{Baby Moon}

IMG_7817{grateful} Believe it or not, I think she came into my life to help me move forward. I went to get here but I was called to get her — does that make sense? It does to me. I had plans of getting a protection dog here (service dog isn’t a thing in India yet) because I needed some peace of mind that I’ll be okay. The move from Singapore to India has been hard on me but that’s also not surprising. And then one day, I’m looking for kittens online with the name ‘Luna’ at the back of my mind.

The next day I find Luna, the day after I go and pick her up. She made me get out of the house and out of my mind. I went by car to get her (I can’t stand car rides) and I took her to the vet on my own when she was ill. It was my very first time stepping out on my own in India. First time ever. I’ve always been accompanied by someone or the other all my life (whenever in India) and here I was, with a kitten in my bag, travelling deep into a highly-overwhelming city looking for a vet I’ve never met before.

Nursing her back to health (doc said she was so weak we could’ve lost her) sort of took away the extra noise in my mind. The worry. The uncertainty. The fear around having moved to a new place. It didn’t vanish completely (I doubt it will for a while) but it faded away into the background. It made me pause and focus on what was important: my health and Luna’s recovery. I was just about starting to walk after being bedridden for 6 weeks so looking after myself while looking after her was rather difficult. But I knew it had to be done. We were meant to meet. Sometimes our intuition guides us in ways we don’t fully understand. It was subtle but clear for me that Luna and I were going to meet. I love her like my own child. And, looking after her has validated it for me that I do not want kids of my own. Of course, I do have a list of reasons why and deep down, I feel like that’s my truth. We’ll see how things go. Grateful to have met Luna. Waking up next to this face warms my heart 😍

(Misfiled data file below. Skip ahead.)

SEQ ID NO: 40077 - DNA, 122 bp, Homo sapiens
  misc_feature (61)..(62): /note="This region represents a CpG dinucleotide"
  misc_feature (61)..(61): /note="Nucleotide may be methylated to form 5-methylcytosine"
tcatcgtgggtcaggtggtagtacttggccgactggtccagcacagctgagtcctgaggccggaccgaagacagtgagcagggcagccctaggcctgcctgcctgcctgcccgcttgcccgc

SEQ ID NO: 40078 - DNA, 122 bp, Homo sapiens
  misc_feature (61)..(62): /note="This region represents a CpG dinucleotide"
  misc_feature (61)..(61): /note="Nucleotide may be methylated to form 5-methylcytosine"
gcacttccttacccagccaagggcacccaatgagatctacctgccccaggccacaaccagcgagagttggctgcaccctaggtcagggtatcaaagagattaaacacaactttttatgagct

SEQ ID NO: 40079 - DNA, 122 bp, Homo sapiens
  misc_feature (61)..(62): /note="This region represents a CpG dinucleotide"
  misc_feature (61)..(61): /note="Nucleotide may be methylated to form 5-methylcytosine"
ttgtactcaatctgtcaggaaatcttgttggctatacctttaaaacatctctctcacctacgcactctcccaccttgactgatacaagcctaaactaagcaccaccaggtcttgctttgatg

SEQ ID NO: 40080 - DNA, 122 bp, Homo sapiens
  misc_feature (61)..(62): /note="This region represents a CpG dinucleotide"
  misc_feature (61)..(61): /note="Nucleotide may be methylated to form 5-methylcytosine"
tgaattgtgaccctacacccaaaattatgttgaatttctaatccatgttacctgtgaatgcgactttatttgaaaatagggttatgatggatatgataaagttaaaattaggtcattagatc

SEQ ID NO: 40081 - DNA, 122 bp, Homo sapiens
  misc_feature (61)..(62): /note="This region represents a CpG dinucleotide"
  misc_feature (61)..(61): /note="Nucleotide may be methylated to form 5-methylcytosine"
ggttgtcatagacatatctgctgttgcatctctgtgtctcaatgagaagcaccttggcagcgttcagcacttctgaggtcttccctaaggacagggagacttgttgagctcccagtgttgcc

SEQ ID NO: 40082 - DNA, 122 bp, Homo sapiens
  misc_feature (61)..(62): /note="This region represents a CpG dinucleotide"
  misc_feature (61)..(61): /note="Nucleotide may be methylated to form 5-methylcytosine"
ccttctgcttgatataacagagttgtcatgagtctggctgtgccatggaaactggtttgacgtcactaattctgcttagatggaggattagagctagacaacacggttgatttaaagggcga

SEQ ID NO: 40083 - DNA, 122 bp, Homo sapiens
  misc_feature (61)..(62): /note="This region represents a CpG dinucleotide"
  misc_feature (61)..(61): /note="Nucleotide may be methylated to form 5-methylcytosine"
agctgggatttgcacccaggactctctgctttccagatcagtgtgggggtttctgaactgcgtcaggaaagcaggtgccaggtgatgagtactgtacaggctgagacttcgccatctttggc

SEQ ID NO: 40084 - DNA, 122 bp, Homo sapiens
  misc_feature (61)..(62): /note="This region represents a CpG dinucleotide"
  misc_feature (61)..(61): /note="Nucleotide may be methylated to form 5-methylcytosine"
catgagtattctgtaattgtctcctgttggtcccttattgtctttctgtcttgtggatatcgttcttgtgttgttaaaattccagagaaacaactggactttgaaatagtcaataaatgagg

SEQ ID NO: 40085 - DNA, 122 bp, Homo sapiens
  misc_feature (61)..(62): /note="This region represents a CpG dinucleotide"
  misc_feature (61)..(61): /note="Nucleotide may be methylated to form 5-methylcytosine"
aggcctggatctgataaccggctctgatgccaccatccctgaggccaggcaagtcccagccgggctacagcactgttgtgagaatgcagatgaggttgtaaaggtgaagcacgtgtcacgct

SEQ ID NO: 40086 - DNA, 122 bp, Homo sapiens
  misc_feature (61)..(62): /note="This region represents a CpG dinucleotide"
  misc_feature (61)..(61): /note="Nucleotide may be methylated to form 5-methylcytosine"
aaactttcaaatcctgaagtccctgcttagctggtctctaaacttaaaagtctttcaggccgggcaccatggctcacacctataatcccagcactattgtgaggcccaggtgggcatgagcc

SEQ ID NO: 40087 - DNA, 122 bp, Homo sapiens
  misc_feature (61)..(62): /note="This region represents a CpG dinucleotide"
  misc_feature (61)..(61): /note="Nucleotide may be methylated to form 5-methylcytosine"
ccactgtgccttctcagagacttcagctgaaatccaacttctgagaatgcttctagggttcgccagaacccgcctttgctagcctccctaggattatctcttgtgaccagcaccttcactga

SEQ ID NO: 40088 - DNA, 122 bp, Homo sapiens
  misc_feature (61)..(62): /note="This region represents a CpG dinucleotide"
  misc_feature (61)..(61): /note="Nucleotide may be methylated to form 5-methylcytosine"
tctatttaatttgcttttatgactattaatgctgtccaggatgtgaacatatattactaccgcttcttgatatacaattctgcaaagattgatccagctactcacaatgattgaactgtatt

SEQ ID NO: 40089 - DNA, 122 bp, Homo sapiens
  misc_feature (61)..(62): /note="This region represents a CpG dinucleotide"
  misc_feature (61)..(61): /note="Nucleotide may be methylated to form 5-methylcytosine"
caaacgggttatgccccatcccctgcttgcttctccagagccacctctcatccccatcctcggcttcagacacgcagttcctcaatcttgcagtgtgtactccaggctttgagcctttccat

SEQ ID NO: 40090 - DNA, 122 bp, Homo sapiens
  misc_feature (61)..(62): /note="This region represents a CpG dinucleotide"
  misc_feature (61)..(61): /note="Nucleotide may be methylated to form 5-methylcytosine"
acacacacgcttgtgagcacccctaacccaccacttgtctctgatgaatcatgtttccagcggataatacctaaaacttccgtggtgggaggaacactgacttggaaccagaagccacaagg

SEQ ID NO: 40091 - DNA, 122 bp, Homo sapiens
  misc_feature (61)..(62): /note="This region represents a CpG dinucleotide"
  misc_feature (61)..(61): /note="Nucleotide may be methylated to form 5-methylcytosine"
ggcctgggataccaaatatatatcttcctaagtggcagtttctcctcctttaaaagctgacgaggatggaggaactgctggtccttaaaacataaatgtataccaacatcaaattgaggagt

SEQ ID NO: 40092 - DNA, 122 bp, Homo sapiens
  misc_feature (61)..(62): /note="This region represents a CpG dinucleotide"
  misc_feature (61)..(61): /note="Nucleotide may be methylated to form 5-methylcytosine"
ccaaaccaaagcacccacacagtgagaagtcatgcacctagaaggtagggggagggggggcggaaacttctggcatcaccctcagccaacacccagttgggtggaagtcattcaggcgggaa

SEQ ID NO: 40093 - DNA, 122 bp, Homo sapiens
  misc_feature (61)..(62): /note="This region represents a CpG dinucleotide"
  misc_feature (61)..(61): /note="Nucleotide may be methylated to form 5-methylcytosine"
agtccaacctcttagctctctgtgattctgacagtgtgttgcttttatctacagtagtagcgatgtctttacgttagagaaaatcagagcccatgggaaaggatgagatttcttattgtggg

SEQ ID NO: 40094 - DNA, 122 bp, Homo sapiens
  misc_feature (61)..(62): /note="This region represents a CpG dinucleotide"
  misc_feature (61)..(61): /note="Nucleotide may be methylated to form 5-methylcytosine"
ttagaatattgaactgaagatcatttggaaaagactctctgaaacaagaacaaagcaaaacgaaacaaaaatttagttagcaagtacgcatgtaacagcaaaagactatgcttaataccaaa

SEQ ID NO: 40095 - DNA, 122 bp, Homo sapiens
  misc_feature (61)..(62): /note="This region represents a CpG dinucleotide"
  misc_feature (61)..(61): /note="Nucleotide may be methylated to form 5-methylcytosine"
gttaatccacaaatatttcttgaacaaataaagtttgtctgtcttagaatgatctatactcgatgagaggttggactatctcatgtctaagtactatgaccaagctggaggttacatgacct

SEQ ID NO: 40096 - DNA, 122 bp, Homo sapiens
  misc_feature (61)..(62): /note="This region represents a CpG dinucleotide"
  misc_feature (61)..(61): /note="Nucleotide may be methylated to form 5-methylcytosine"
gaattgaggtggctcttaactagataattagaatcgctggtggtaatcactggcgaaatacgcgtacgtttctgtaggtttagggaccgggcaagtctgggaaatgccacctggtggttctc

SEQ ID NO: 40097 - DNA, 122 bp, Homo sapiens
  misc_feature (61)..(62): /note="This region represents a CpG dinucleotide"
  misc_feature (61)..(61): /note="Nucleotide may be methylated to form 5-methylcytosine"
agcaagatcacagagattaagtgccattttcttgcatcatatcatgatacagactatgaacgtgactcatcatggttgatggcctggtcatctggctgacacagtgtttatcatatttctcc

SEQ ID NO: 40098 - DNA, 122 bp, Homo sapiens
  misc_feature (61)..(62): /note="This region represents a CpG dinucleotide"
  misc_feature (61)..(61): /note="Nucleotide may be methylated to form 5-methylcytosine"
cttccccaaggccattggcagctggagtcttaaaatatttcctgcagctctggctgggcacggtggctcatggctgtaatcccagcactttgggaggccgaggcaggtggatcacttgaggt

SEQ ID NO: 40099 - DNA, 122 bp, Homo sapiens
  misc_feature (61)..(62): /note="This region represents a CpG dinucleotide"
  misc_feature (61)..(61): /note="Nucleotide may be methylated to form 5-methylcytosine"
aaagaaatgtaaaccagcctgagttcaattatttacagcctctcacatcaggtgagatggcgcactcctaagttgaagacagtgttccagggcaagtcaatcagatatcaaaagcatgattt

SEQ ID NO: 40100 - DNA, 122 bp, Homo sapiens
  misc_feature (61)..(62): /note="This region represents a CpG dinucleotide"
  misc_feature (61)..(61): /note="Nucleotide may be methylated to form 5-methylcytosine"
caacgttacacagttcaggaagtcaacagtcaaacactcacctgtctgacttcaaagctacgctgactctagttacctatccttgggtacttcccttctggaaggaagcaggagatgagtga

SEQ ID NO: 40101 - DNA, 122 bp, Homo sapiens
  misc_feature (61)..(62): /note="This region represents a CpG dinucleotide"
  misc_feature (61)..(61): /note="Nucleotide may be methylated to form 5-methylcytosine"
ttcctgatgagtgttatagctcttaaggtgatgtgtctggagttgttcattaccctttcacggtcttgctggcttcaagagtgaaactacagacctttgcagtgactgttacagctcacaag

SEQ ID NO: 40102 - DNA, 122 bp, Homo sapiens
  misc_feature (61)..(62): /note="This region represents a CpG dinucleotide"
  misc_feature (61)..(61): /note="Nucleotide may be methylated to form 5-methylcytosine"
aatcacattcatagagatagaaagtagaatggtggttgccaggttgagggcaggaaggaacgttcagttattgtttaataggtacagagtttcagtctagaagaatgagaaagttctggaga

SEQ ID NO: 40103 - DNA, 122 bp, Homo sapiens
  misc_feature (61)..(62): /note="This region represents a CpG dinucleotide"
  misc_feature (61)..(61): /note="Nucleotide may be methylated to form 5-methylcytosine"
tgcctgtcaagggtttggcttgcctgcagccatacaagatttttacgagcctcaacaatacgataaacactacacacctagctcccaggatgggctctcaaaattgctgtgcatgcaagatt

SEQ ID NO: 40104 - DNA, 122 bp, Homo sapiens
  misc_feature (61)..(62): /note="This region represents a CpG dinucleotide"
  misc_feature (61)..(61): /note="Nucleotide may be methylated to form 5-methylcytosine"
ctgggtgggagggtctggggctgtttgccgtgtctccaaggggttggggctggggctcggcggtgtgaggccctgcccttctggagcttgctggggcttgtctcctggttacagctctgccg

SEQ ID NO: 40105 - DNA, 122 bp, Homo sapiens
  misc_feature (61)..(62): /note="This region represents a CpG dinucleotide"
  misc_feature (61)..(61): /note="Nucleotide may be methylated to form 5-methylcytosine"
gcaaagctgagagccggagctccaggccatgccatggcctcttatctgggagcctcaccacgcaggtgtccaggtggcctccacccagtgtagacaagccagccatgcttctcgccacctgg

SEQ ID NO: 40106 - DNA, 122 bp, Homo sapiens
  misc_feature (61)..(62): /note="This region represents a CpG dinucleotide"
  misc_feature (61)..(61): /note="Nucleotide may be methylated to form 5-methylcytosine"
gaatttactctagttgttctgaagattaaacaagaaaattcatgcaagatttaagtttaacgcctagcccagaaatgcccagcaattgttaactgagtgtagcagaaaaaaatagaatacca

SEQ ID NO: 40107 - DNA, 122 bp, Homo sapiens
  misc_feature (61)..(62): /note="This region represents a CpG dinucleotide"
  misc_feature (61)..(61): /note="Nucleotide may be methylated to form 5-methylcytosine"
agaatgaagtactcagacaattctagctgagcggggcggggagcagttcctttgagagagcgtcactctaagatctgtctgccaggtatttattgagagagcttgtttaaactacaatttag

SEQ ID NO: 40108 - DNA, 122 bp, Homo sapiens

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“distract yourself or find a hobby”

Most people think that people like me who spend a lot of time at home are in need of hobbies or distractions of some sort. You know, something that can take our focus off our pain and suffering.

After ten years of dealing with Ehlers-danlos Syndrome Hypermobility Type, I can tell you this — while you can’t get your focus off pain entirely even for a fraction of a second, you can learn to acknowledge its existence, know that it’s going to be there with you and  still find ways to work with and around it. 

People like me who have had to leave a full-time job and figure out new ways to become financially independent (whether fully or partially), will once every while come across someone who tells us to distract ourselves from our experience or find hobbies since we have nothing else to do (according to some).  The thing is, not all of us are looking for distractions or hobbies.

Whatever you see me doing outside of my health routine are things I WANT to do for  reasons you may not always know. There is usually a detailed thought-process behind things I choose to do or not do.